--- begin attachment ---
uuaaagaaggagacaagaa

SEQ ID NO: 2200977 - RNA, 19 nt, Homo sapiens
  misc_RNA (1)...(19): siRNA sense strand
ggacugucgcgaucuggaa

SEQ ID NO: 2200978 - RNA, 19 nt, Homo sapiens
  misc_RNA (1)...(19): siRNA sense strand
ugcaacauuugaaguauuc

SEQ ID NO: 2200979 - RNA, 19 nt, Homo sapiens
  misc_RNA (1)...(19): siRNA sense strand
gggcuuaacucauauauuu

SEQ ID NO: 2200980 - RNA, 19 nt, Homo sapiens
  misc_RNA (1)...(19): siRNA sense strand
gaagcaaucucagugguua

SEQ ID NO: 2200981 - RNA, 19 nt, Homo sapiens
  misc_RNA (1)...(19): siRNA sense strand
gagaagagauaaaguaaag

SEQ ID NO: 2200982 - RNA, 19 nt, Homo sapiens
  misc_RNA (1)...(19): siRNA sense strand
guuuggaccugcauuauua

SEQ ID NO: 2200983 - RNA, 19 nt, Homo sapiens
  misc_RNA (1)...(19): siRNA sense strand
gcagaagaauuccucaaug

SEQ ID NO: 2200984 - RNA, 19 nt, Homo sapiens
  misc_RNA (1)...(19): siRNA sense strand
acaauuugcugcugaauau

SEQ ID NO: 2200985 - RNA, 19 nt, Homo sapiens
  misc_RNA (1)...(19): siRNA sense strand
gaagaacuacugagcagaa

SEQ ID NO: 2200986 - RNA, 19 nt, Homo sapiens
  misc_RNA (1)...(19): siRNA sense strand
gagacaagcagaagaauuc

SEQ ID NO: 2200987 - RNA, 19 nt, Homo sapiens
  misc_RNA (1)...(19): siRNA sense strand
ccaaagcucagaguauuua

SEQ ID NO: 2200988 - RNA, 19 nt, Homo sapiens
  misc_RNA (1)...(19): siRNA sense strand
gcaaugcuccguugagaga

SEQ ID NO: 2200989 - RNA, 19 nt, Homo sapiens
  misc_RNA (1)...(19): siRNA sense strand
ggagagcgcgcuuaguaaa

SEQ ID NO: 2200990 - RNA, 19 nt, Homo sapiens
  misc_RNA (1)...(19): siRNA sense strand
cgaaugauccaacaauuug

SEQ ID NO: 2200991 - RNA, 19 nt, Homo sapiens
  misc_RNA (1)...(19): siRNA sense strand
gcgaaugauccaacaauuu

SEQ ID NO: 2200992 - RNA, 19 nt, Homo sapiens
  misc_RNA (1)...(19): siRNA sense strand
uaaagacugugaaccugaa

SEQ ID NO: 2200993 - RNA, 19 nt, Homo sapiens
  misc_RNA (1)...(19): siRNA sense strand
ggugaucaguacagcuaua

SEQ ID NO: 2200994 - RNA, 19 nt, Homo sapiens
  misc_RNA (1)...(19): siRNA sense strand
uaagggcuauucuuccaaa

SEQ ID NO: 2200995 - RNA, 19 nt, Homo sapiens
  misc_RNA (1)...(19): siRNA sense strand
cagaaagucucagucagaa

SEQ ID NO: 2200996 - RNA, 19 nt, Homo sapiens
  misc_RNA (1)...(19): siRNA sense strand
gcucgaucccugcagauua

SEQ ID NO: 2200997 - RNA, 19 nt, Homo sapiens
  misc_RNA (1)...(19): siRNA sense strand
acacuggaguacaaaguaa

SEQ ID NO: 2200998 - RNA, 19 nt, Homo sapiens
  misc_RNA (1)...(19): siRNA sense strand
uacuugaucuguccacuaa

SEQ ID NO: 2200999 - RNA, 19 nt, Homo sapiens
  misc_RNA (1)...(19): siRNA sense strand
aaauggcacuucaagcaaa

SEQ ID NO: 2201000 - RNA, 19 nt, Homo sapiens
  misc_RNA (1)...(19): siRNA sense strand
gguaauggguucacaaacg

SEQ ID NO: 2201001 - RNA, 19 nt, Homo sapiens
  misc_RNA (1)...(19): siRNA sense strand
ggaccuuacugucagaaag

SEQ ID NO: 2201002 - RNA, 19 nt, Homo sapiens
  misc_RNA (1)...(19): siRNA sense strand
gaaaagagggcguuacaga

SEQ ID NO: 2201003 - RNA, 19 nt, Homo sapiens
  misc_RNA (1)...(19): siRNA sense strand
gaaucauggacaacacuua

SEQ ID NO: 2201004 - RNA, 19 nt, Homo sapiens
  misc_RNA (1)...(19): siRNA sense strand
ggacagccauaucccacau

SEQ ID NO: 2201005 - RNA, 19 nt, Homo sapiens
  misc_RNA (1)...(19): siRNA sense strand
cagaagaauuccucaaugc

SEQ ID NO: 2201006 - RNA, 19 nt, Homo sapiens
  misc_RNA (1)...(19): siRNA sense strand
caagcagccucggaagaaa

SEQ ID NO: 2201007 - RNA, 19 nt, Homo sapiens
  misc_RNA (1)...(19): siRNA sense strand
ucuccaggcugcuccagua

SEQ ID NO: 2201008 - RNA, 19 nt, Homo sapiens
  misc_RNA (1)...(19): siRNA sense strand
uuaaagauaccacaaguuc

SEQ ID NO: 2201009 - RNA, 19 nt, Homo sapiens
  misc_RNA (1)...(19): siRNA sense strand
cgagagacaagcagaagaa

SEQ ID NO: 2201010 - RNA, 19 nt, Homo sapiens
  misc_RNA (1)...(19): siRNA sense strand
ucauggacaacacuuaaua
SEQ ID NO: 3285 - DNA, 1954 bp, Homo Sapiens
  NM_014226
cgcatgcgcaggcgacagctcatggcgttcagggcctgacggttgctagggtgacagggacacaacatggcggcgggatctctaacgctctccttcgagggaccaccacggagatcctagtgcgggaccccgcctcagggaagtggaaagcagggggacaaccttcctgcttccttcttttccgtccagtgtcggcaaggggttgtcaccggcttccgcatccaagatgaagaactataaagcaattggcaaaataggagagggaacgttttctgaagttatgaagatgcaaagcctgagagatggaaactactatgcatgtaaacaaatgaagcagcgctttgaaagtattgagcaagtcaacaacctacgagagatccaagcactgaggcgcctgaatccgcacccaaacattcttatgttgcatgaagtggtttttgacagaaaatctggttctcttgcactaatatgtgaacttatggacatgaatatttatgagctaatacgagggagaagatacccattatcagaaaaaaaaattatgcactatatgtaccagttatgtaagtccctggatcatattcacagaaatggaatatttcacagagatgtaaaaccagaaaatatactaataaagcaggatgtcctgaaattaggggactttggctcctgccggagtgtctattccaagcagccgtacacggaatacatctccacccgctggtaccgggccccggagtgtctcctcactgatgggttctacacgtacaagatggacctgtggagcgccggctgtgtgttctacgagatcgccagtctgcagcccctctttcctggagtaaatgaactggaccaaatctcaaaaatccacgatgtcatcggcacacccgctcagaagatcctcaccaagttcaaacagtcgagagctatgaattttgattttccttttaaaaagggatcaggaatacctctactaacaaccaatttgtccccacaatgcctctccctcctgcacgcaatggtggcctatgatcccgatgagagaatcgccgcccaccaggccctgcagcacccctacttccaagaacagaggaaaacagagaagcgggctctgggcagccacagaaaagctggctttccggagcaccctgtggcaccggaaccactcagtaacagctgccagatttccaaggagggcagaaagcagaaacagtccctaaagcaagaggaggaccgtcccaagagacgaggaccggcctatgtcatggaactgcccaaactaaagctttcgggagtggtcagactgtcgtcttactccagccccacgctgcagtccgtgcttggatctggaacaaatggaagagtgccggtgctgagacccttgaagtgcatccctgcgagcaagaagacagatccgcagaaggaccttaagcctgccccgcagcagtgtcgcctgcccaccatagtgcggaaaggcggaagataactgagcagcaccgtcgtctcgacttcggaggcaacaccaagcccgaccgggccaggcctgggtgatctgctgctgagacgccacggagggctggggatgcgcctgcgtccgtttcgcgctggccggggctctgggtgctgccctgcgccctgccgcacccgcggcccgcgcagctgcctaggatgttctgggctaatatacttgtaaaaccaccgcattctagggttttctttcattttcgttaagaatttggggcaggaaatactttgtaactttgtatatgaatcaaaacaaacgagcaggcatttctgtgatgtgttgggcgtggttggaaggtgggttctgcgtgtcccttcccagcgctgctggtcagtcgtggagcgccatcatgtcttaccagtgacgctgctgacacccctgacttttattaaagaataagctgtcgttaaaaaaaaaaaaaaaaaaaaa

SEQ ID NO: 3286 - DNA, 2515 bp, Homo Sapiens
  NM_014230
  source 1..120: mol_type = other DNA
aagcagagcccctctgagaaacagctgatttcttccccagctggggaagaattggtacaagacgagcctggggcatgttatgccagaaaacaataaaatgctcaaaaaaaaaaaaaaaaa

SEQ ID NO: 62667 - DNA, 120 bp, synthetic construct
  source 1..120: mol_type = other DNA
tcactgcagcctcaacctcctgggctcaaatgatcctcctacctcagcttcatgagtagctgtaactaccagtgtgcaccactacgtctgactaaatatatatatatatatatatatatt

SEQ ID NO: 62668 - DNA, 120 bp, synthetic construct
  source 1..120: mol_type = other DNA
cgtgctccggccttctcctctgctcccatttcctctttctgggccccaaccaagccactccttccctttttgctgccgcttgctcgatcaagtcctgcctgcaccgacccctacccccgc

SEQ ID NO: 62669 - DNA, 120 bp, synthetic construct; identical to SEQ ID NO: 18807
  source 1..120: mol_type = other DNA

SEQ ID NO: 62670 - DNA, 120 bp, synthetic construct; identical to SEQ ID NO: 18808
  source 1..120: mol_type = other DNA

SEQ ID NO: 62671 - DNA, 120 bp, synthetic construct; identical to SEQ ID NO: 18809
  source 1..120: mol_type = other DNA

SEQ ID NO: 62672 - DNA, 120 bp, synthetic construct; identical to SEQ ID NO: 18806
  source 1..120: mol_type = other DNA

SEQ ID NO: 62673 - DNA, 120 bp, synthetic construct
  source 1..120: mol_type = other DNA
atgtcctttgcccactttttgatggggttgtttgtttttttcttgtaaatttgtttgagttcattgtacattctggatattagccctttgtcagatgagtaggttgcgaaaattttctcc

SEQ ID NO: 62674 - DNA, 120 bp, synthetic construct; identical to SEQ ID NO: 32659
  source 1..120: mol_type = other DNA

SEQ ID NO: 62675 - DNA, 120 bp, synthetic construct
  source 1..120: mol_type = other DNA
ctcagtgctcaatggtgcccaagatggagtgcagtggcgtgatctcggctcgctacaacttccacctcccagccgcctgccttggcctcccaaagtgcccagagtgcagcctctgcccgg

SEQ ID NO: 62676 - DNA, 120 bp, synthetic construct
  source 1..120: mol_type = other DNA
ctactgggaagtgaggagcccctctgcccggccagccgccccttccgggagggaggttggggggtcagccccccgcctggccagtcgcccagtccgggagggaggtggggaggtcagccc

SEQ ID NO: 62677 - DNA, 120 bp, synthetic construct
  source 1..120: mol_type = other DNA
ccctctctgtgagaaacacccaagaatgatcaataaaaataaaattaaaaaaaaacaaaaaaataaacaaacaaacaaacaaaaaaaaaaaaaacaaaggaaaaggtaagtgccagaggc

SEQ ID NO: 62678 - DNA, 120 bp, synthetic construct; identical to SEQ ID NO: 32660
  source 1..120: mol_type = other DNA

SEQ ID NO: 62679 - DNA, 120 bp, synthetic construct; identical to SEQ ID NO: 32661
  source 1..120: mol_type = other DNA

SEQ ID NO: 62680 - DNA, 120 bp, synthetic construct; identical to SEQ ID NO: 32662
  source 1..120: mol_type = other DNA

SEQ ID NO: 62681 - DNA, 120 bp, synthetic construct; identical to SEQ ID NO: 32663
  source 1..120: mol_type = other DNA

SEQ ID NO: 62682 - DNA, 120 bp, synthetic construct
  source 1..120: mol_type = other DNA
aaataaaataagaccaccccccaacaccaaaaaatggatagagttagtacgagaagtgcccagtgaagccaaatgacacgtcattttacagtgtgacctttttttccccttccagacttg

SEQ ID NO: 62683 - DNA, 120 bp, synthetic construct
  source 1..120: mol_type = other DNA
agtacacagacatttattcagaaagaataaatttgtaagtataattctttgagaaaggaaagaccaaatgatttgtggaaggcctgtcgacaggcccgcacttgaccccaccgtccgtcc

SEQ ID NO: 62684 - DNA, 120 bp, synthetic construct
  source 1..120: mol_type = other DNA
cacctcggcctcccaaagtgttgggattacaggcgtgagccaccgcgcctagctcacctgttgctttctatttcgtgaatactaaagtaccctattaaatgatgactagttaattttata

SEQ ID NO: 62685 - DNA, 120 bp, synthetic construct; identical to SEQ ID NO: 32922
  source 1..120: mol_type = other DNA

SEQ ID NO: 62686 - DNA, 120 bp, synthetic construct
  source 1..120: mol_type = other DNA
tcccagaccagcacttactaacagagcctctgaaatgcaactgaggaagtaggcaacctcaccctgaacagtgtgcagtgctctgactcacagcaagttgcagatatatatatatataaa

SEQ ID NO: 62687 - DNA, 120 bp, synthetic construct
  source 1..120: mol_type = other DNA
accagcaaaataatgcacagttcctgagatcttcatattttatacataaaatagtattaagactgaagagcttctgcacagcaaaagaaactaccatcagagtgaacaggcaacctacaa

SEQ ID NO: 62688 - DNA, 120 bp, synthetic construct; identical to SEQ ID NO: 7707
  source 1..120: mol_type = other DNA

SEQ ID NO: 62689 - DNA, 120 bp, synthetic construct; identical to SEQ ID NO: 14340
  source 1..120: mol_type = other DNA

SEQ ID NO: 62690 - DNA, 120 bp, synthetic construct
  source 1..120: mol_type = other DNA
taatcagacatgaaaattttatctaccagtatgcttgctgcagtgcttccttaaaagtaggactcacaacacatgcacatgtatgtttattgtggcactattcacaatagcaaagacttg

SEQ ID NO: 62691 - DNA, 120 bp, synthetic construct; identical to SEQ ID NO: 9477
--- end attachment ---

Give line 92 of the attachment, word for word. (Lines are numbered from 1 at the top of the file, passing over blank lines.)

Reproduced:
SEQ ID NO: 2201007 - RNA, 19 nt, Homo sapiens